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POP MUSIC | ALBUM REVIEW

*** LINDA PERRY "In Flight" Interscope

September 08, 1996|Sara Scribner

While 4 Non Blondes reimagined the '70s through a kaleidoscope of Zeppelin-esque guitars, Linda Perry turns away from the Blondes' chart-topping hard-rock brew for her solo debut. Supported by the Tuesday Night Music Club (in a striking departure from its snappy pop-blues on Sheryl Crow's debut), Perry turns introspective and opts for trippy folk.

Producer Bill Bottrell allows her long and winding songs to veer into a psychedelic feeling heavily influenced by Pink Floyd's "Dark Side of the Moon," but he takes his cues from laid-back acoustic guitar. He achieves a languorous, classic sound that rarely feels complacent, thanks to Perry's lyrical soul-searching. Perry recruits some other iconoclastic characters for support: Lisa Germano brings her midnight-moody violin work; Grace Slick turns up in an unconventional and thrilling love duet.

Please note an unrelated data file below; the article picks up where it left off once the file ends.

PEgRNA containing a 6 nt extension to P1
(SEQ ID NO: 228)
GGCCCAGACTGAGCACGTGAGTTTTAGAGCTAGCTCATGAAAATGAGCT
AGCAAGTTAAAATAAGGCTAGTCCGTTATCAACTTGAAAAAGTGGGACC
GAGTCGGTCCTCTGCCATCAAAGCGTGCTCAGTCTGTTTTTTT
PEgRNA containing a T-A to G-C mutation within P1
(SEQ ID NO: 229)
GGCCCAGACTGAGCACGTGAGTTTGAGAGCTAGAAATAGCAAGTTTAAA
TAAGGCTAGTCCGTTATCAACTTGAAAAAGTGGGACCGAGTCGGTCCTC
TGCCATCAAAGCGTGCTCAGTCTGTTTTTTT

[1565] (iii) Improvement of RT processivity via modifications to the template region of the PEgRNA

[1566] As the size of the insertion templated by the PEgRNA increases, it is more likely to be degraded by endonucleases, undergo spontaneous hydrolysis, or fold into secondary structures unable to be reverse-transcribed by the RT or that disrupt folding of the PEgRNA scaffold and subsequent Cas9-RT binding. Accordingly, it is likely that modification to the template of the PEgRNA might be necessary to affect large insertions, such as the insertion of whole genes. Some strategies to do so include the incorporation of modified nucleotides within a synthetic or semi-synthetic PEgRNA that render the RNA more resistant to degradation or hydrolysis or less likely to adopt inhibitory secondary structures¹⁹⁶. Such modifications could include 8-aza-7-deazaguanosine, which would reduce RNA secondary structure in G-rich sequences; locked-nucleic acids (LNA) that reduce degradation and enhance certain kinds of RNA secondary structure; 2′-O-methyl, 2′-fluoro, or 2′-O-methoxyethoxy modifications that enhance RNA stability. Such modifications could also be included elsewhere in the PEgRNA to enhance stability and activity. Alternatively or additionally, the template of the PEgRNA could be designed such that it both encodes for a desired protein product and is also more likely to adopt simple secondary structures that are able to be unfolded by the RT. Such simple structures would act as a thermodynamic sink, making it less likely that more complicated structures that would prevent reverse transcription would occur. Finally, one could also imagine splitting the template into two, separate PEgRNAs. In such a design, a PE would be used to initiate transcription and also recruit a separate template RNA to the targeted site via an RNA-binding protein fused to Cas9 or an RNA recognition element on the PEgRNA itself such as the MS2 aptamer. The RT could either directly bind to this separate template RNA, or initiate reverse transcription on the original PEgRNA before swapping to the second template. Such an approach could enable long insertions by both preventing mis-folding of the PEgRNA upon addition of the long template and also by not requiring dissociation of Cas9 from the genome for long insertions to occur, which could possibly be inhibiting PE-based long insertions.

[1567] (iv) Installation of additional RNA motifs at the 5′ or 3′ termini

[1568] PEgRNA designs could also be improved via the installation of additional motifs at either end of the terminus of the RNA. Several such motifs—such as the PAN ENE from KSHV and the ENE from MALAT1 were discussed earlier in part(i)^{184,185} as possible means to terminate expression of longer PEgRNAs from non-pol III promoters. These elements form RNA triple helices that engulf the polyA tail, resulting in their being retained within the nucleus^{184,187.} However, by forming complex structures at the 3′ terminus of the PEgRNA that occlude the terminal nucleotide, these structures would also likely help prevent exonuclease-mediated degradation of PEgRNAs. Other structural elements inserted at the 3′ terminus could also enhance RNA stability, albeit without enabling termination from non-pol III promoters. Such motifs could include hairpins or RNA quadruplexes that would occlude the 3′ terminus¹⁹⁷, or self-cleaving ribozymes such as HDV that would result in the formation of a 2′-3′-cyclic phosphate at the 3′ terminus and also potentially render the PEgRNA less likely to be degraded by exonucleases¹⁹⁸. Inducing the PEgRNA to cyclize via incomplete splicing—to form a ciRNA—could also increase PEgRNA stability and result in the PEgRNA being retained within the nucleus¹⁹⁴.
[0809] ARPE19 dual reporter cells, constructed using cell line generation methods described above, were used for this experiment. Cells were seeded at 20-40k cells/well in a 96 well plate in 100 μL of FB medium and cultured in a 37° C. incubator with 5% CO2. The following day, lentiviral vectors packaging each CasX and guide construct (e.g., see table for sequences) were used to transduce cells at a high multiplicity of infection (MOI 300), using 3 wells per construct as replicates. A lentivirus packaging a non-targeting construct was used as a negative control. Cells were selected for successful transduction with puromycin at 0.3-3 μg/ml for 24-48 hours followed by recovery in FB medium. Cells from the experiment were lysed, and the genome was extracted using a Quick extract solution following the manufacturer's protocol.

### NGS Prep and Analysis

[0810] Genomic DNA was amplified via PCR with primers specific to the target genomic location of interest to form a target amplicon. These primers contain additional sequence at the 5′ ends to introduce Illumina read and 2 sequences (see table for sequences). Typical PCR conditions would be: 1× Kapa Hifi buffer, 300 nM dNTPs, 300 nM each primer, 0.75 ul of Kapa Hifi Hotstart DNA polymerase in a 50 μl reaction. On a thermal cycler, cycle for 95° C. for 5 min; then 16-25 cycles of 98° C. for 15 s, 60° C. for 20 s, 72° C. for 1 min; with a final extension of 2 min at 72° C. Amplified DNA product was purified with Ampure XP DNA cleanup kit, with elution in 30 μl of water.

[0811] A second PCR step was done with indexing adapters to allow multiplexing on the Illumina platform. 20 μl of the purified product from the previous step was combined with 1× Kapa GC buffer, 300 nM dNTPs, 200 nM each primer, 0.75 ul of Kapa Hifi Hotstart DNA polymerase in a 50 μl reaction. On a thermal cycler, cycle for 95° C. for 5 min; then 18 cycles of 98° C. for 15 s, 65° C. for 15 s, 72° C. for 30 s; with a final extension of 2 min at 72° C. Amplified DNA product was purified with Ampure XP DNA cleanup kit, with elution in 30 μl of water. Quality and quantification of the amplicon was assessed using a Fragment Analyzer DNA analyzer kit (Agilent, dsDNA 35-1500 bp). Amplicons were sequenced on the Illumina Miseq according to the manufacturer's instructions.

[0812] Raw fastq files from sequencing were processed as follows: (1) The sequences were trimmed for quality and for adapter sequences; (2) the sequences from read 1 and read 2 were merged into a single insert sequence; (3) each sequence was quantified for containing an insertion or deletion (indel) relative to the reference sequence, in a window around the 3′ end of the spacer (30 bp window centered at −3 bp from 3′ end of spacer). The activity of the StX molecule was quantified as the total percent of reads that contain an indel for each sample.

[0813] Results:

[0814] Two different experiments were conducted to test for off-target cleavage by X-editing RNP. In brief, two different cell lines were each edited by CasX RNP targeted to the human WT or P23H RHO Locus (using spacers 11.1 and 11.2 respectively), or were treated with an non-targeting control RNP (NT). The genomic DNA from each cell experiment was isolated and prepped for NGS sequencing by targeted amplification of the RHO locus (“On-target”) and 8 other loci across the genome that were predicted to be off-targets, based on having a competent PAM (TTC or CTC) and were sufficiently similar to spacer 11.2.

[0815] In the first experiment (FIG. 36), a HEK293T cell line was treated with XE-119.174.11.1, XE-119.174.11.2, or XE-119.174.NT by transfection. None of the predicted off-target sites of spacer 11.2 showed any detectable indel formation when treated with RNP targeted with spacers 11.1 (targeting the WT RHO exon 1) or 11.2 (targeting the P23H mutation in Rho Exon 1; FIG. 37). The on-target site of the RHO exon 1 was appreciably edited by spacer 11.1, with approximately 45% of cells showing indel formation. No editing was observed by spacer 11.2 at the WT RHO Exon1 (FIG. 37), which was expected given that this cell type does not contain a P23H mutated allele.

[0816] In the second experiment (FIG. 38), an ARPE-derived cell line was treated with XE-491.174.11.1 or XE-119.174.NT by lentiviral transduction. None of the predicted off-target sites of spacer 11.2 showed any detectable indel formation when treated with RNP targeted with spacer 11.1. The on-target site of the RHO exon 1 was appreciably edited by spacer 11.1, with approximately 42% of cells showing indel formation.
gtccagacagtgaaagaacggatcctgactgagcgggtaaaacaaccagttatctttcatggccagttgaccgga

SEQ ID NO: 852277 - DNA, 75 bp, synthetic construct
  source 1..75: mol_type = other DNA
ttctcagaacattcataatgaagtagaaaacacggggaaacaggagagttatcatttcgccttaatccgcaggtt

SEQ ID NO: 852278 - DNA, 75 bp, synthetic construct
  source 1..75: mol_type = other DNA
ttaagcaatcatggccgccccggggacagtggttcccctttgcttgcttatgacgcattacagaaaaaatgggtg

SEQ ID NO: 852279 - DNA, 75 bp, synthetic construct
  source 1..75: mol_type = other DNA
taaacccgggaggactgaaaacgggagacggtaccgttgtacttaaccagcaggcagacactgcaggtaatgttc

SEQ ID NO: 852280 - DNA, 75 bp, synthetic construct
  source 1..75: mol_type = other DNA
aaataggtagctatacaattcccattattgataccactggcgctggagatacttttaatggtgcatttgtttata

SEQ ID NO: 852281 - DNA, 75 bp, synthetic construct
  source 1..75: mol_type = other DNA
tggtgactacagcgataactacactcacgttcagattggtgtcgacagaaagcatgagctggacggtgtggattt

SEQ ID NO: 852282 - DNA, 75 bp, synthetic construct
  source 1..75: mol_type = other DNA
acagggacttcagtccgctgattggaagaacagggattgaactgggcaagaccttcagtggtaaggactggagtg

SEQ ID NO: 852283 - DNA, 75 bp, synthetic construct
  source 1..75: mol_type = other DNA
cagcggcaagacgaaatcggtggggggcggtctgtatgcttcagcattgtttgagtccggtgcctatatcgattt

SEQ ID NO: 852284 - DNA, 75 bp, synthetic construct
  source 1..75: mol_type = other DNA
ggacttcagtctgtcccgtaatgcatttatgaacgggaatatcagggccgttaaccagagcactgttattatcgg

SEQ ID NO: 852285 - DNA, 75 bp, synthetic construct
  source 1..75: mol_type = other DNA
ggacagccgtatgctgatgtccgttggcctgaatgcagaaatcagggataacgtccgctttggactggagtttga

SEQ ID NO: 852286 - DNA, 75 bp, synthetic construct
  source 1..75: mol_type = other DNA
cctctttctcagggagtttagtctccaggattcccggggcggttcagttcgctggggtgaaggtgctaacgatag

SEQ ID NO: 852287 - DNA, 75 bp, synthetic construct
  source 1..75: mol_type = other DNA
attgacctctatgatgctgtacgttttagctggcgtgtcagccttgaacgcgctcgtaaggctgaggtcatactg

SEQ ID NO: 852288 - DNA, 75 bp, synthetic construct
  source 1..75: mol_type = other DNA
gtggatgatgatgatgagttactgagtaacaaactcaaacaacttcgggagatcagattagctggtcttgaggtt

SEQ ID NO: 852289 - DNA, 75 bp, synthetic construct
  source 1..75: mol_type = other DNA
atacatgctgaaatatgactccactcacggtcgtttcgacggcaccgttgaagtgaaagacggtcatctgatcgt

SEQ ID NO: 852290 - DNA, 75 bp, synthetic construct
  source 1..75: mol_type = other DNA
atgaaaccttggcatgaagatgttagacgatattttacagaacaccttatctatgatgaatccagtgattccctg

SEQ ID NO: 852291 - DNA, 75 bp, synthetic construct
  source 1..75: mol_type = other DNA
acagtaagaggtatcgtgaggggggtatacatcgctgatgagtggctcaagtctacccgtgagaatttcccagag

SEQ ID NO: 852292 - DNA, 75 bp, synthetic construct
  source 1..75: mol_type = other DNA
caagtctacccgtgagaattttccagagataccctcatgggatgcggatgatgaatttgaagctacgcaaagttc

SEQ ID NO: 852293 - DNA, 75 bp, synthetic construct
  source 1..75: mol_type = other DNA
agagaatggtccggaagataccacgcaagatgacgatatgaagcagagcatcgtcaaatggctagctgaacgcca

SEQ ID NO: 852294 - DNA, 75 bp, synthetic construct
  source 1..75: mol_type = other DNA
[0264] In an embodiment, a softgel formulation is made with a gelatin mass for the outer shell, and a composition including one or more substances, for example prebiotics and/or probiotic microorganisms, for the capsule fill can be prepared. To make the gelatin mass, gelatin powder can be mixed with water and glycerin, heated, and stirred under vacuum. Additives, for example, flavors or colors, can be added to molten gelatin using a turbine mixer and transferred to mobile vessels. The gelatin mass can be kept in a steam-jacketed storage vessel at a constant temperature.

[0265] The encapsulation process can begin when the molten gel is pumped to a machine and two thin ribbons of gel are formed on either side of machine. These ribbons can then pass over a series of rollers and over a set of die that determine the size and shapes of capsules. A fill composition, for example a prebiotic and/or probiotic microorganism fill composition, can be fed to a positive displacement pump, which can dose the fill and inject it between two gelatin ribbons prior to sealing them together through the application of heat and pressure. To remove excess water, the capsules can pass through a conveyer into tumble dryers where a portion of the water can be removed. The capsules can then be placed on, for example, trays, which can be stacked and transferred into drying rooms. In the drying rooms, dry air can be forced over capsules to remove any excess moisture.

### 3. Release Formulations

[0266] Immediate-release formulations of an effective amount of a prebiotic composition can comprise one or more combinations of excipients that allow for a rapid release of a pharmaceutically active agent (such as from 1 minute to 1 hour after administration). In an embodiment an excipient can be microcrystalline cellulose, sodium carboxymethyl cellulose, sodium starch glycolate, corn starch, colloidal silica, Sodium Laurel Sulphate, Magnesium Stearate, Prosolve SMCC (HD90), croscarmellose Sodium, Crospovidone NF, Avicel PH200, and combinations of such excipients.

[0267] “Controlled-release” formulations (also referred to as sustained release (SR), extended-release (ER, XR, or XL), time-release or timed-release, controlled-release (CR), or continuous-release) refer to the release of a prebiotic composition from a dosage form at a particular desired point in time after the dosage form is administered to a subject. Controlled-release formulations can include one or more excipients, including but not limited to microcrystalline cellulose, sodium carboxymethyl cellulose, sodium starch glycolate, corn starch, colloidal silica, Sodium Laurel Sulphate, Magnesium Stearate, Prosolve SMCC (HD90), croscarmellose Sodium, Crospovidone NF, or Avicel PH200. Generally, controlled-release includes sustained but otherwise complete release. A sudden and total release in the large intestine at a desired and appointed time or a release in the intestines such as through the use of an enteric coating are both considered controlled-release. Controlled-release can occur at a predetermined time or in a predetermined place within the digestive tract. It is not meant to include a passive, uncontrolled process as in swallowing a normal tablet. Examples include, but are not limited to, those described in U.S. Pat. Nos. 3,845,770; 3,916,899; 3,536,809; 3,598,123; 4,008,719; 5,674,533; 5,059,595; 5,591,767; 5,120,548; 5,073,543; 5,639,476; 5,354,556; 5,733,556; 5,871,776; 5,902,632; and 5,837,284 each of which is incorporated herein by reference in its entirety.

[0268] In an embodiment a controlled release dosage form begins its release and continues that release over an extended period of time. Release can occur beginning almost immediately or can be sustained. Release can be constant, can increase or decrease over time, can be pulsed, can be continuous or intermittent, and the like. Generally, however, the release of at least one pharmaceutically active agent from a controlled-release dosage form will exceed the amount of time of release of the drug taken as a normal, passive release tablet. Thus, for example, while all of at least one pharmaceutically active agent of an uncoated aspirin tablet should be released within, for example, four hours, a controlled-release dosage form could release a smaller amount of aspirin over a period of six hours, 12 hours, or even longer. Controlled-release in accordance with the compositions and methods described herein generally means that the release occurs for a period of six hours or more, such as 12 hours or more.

The singer occasionally missteps, but as she switches from campfire-casual crooning to her best blues howl, she infuses such songs as "Uninvited" and "Fill Me Up" with a feeling of imprisonment that is packed with pathos. Freedom is both Perry's goal and her impossible dream--her passion for it fuels this frequently powerful effort.

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Albums are rated on a scale of one star (poor) to four stars (excellent).

Hear Linda Perry

To hear excerpts from "In Flight," call TimesLine at 808-8463 and press *5721.

In 805 area code, call (818) 808-8463.

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